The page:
Revive Our Hearts Podcast

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Dannah Gresh: Did you know that there’s a solution to the tension you may feel in your interaction with others? Here’s Pastor Sam Crabtree.

Pastor Sam Crabtree: Relationships that are full of gratitude are well oiled and happier than relationships where things are just taken for granted, and nobody says “thank you.” In those relationships there’s a drift, if not a hostility, that feeling, “You’re taking advantage of me!” And that can be avoided by generous thankfulness.

Dannah: This is the Revive Our Hearts podcast with Nancy DeMoss Wolgemuth, author of Choosing Gratitude, for November 1, 2021. I’m Dannah Gresh.

Nancy DeMoss Wolgemuth: So, speaking of gratitude, do you experience the power of a thankful heart? I think most of us would say we probably need to grow in this area. Over the last couple of years, my sweet husband Robert and I have seen the power of thankfulness firsthand.

As you may have heard, in 2020, Robert had two back-to-back cancer diagnoses—in the middle of a worldwide pandemic. Robert’s health situation plunged us into turbulent waters of seemingly endless doctor appointments, tests, treatments, chemo, and surgeries.

But through it all, even in the midst of the most difficult days, I want to tell you that gratitude has been a life preserver for our hearts! During those months while Robert was going through chemo, we made it a practice to write down on a sticky note something we were thankful for every day.

We posted those notes on a wall in our house. In fact, if you go to ReviveOurHearts.com and find the transcript for this program, you’ll find a link there to a video showing our “gratitude wall.” It was a lifegiving place for us throughout that whole season.

Being thankful transforms our perspective on our circumstances, and it can infuse us with unexplainable peace and joy even when things are falling apart around us. Robert and I can both attest to that!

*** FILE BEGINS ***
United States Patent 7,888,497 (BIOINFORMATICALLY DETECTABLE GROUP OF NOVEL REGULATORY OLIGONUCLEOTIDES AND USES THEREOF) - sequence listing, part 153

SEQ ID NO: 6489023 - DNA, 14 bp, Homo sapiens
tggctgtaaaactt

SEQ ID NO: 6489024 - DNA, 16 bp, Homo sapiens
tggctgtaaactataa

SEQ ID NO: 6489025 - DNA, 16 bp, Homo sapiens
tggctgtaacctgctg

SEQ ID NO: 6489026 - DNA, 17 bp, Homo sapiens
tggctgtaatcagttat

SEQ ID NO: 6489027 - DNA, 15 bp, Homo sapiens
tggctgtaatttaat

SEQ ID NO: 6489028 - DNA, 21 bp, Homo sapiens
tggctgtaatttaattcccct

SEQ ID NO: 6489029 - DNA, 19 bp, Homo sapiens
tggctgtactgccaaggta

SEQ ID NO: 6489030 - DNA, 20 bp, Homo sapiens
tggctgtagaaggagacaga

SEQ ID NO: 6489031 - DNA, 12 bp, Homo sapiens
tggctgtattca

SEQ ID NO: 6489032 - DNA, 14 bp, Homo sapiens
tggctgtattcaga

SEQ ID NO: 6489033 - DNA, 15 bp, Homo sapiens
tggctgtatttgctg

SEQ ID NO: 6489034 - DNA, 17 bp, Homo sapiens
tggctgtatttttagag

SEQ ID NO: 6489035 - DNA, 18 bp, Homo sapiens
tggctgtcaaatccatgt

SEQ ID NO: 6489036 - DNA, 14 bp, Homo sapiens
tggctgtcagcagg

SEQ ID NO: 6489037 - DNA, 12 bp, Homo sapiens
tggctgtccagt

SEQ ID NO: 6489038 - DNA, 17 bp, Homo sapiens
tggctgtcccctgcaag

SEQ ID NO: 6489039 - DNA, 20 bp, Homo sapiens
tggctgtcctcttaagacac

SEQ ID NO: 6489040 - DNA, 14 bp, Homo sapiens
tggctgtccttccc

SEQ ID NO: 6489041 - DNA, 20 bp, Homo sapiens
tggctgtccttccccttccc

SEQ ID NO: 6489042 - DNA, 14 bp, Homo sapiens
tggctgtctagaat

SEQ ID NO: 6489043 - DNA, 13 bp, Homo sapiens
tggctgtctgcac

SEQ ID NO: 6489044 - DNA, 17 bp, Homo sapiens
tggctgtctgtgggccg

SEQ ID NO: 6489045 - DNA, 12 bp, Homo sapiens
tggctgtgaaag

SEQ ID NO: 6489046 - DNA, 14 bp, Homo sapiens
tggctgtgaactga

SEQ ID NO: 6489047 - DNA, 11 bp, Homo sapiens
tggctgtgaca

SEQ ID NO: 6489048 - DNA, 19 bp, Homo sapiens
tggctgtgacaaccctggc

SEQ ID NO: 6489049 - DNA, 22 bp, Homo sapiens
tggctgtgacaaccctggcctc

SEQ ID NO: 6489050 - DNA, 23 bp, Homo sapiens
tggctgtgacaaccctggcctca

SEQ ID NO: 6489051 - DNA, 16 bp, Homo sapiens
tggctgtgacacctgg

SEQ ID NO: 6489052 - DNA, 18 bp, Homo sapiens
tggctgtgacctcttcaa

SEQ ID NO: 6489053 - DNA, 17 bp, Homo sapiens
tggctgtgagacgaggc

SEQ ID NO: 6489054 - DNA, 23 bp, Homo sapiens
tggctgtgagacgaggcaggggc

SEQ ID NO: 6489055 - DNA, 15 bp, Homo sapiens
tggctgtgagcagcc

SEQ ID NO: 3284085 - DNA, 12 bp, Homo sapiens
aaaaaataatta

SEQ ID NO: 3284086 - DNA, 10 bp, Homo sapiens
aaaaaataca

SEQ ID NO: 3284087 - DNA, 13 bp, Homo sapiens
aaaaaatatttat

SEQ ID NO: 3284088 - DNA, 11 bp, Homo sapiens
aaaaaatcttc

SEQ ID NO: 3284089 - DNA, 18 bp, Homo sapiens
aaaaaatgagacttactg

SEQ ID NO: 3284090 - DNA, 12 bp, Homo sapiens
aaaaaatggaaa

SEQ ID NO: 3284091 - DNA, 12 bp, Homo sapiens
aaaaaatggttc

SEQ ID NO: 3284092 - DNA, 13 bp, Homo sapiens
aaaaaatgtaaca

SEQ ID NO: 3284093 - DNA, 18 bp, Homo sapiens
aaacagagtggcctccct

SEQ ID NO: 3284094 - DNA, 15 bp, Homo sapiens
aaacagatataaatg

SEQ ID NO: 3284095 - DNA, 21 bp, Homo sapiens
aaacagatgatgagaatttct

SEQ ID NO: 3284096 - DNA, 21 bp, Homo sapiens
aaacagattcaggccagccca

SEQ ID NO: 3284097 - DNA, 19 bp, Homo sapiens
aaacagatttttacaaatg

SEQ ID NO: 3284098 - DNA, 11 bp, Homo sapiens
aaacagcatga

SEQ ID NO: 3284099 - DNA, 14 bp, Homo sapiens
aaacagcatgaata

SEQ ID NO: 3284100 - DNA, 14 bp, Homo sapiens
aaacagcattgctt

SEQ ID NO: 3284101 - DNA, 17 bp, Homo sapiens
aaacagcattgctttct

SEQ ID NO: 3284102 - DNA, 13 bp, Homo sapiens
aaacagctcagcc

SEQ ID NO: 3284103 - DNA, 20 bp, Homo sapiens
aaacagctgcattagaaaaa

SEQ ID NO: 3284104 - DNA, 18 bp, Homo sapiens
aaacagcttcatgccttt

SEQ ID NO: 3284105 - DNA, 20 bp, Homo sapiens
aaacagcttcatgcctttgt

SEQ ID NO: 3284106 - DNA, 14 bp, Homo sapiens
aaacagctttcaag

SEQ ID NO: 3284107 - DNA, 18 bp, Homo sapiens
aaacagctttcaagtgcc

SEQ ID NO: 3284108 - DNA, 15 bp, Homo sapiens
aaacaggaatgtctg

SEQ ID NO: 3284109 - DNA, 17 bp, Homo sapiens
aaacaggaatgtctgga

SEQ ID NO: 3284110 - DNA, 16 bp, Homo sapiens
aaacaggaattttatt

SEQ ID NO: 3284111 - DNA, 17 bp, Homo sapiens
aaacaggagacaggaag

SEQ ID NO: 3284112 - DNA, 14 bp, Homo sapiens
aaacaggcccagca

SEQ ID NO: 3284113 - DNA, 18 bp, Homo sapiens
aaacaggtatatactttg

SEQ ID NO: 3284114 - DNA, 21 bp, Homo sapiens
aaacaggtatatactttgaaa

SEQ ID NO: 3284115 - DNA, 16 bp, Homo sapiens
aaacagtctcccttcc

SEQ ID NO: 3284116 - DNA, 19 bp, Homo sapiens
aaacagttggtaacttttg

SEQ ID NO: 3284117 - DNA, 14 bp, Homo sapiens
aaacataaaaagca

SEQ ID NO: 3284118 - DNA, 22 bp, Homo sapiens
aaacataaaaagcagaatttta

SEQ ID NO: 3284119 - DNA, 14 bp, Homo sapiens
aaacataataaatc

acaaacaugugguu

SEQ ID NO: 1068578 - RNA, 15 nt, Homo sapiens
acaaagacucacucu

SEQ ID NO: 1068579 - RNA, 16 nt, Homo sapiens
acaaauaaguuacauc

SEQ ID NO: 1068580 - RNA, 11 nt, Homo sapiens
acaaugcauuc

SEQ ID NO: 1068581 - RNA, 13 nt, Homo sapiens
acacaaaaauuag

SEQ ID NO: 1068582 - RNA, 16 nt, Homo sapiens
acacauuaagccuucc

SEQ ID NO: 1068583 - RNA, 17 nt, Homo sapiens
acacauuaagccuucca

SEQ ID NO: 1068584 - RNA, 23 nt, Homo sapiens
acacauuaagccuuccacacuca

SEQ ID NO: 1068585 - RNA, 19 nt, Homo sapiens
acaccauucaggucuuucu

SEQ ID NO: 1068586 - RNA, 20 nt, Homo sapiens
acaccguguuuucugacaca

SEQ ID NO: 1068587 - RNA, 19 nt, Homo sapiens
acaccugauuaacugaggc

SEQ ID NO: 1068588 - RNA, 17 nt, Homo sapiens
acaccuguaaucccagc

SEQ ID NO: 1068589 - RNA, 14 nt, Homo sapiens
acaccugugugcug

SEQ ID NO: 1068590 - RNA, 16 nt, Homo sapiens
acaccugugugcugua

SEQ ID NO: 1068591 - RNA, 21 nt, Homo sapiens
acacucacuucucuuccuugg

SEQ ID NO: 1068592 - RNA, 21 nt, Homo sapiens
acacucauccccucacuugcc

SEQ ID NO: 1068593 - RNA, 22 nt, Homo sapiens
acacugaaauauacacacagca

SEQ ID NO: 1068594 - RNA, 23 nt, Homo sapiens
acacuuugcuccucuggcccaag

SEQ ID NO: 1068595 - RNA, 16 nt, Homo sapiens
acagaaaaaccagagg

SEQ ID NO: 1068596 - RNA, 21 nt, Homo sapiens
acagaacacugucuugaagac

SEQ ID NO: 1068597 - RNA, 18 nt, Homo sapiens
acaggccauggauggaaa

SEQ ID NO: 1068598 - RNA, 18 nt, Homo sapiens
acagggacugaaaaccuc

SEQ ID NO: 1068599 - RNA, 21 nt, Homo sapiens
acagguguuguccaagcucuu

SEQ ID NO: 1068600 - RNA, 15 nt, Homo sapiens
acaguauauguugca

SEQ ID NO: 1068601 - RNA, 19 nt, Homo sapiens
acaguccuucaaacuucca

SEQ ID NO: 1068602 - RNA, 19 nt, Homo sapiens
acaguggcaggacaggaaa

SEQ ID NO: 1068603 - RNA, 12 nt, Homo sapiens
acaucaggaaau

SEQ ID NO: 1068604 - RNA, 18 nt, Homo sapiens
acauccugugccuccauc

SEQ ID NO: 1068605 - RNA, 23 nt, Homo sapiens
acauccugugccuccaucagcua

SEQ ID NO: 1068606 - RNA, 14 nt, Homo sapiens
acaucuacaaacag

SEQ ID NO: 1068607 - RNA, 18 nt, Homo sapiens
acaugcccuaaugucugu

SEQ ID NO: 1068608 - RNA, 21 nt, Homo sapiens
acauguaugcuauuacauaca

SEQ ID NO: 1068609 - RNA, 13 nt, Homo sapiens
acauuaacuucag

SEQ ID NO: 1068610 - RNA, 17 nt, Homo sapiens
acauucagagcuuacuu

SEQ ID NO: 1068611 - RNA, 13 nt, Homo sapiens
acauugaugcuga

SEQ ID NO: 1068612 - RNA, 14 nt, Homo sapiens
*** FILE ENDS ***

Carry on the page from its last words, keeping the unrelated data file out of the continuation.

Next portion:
Our guest today, Pastor Sam Crabtree, has a wise perspective on this concept of practicing thankfulness. Sam is a pastor at Bethlehem Baptist Church in the Minneapolis/St. Paul area. He’s a dear friend and the author of a book titled Practicing Thankfulness. Over the years, I’ve been the beneficiary of Sam’s expressions of gratitude numerous times.

Not long ago, Dannah sat down with Pastor Crabtree to talk about this whole idea of gratitude. Let’s listen.

Dannah: Sam, what are you thankful for today? 

Pastor Sam: Wow, well you’re reaching me in Minnesota, where we’ve had a spectacular sunrise this morning! And that was after a torrential downpour at about five-thirty this morning. So we’ve had a lot of rain, when it’s been a very dry summer, followed by a glorious sunrise over these clouds that just dumped rain on us. That’s the first thing that pops into my mind.

It’s kind of temporal and maybe shallow in one sense . . . although Jesus did tell us in His Sermon on the Mount that He makes the sun to rise on the good and on the evil, and He sends the rain on the just and on the unjust (see Matt. 5:45). So, through that sunrise over those clouds, I can be grateful for God’s common grace to us all.

Dannah: Wow! You made a sunrise very theological! 

Pastor Sam: Well, everything is about God. I mean, it’s all from Him and through Him. And if we think right, it’s to Him. So, you can connect God to anything at all!

Dannah: Yes, and I guess that would be one of the distinct differences in someone who doesn’t know the Lord driving down the highway and seeing that magnificent sunrise today and expressing thanks. Our thanks, because we do attribute it to God, we do direct it back to Him.

Would you say that’s one of the big distinctive differences as to how a Christian gives thanks versus those who don’t know the Lord?